Recent Premier League title challenges have come unstuck due to the strength of opponent combined with Liverpool’s failure to take their chance, but this season they are starting to get the rub of the green
Part of the challenge with the absence of success is that as time passes those who desire it the most do not necessarily know what it looks like when it might not even be far away. It becomes easy for panic to enslave and this makes any achievement that little bit harder to reach.
There have only been two seasons when Liverpool have been near to ending their wait for a title. But for a period around Christmas, they were always behind Manchester United in 2009. It was a race where they kept winning, though but for a few moments of hope, it never really seemed like they’d have enough to catch their greatest rivals due to the number of draws against opposition you’d normally back them to beat. In 2014, the mood was different because this was a title that Liverpool had in their grasp but lost in the most dramatic of circumstances in the third and second to last games.
Each of those campaigns were underpinned by the presence of star strikers, attacking football and big wins – especially over the teams around them, firstly in United who were beaten home and away and then five years later, Manchester City, whose defeat at Anfield opened up a seven-point gap with only a month of the season remaining.
These were periods of joyful expressionism, where excitement fizzed from the drama of the victories and the manner of the form. For Liverpool to finish as the best team in the league, they would have to perform as the best team in the league. This is what happened, and yet it was United and City at the summit when it really mattered.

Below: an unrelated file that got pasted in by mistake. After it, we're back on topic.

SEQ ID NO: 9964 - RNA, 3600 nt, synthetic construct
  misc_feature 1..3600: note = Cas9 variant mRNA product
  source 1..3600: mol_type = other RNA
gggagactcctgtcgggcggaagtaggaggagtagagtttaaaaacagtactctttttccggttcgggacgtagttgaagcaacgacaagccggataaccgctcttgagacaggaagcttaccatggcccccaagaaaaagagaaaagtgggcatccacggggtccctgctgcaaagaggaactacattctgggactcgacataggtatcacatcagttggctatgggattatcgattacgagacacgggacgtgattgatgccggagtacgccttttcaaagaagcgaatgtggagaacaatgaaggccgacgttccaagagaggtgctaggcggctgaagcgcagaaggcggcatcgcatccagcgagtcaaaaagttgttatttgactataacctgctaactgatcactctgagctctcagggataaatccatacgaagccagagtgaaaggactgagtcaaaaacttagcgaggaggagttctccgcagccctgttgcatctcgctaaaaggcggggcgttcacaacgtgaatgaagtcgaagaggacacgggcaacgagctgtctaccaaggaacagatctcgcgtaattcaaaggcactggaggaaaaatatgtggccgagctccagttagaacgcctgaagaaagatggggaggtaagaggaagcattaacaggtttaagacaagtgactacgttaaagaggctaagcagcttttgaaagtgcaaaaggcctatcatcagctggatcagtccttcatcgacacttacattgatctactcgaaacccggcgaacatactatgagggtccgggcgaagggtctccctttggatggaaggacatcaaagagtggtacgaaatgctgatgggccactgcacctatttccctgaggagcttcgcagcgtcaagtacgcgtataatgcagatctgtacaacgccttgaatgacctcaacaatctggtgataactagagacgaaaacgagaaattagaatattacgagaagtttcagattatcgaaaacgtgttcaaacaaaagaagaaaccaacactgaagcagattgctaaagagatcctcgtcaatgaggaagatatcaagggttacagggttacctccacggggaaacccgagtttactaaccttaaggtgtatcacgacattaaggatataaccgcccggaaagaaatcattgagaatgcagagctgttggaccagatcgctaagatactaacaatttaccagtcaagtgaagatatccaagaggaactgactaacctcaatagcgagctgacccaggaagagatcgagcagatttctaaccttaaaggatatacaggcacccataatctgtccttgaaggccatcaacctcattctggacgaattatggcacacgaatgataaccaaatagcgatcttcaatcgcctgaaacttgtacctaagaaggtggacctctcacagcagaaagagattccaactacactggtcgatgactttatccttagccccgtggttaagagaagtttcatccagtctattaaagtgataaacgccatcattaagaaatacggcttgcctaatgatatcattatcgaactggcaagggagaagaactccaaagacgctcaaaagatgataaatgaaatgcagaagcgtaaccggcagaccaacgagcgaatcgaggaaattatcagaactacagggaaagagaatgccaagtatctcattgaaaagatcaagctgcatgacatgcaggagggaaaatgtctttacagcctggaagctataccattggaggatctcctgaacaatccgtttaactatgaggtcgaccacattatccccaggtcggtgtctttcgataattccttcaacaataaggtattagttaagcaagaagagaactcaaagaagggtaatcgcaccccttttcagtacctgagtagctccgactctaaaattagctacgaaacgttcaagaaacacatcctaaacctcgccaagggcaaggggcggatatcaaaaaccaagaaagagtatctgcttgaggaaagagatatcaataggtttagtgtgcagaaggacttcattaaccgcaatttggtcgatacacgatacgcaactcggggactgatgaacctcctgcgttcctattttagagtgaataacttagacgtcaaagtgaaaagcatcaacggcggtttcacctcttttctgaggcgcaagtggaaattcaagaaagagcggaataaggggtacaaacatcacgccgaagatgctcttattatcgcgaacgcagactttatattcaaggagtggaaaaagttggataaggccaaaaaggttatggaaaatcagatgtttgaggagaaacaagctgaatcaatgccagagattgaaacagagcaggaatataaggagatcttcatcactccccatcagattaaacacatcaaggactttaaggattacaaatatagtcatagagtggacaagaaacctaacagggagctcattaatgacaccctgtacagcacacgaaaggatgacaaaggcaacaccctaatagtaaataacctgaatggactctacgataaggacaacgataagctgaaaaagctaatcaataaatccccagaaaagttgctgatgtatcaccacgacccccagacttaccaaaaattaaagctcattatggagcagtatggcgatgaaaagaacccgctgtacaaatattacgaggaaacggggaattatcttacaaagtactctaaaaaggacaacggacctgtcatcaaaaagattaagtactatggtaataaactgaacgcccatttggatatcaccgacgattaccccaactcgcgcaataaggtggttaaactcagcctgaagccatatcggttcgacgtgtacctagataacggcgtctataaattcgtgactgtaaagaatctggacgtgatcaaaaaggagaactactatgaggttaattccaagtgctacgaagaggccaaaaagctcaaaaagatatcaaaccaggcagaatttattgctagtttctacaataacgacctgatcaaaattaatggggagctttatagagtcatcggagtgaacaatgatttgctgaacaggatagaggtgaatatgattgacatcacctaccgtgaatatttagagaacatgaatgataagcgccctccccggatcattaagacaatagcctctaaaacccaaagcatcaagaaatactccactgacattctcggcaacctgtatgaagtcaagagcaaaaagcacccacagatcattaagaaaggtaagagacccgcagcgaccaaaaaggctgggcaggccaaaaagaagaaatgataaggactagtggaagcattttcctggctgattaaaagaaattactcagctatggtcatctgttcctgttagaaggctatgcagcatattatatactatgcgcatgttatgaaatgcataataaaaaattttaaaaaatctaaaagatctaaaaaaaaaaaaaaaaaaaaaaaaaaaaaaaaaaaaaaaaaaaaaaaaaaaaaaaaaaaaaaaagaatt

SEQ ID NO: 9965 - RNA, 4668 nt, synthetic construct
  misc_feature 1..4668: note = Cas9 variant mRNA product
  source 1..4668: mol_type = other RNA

Liverpool currently have more points at this stage than they had in either of those previous attempts, yet this time there appears to be more doubt about the possibilities for them. This relates to the abilities of City and their relentlessness but also the way Liverpool have achieved results, with pleasure being replaced by attritional values and also, a certain amount of luck.
At Anfield, they have now drawn with City – but only after Riyad Mahrez missed a penalty in injury time; they have beaten Everton too – but only because of Jordan Pickford’s 96th minute intervention. Would-be defining moments are favouring them. There is a temptation to dismiss the idea that Liverpool only appear to “keep going” because of the presence of fortune but that would be to ignore the last-minute equaliser at Chelsea and the victory over Paris Saint-Germain, when Roberto Firmino struck just as it seemed the result was settled as a draw.
They go to Burnley on Wednesday night, a place where a victory was similarly sealed in the final seconds on New Years’ Day after Ragnar Klavan’s header. Jurgen Klopp described this game on a sodden-pitch as “one of the coolest” he’s been involved in since arriving in England, with the circumstances of the win helping Liverpool believe they can go to the end and ultimately get what they want despite the intensity of the fixtures through the winter months. Burnley probably means facing two powerful centre forwards and not so long ago this would have presented a problem for Liverpool but not now.
Listening to Trent Alexander-Arnold on Sunday night, there was a sense that Liverpool’s belief stems from their newfound stability in defence where they have the best record in the league having not conceded in nine of their fourteen games.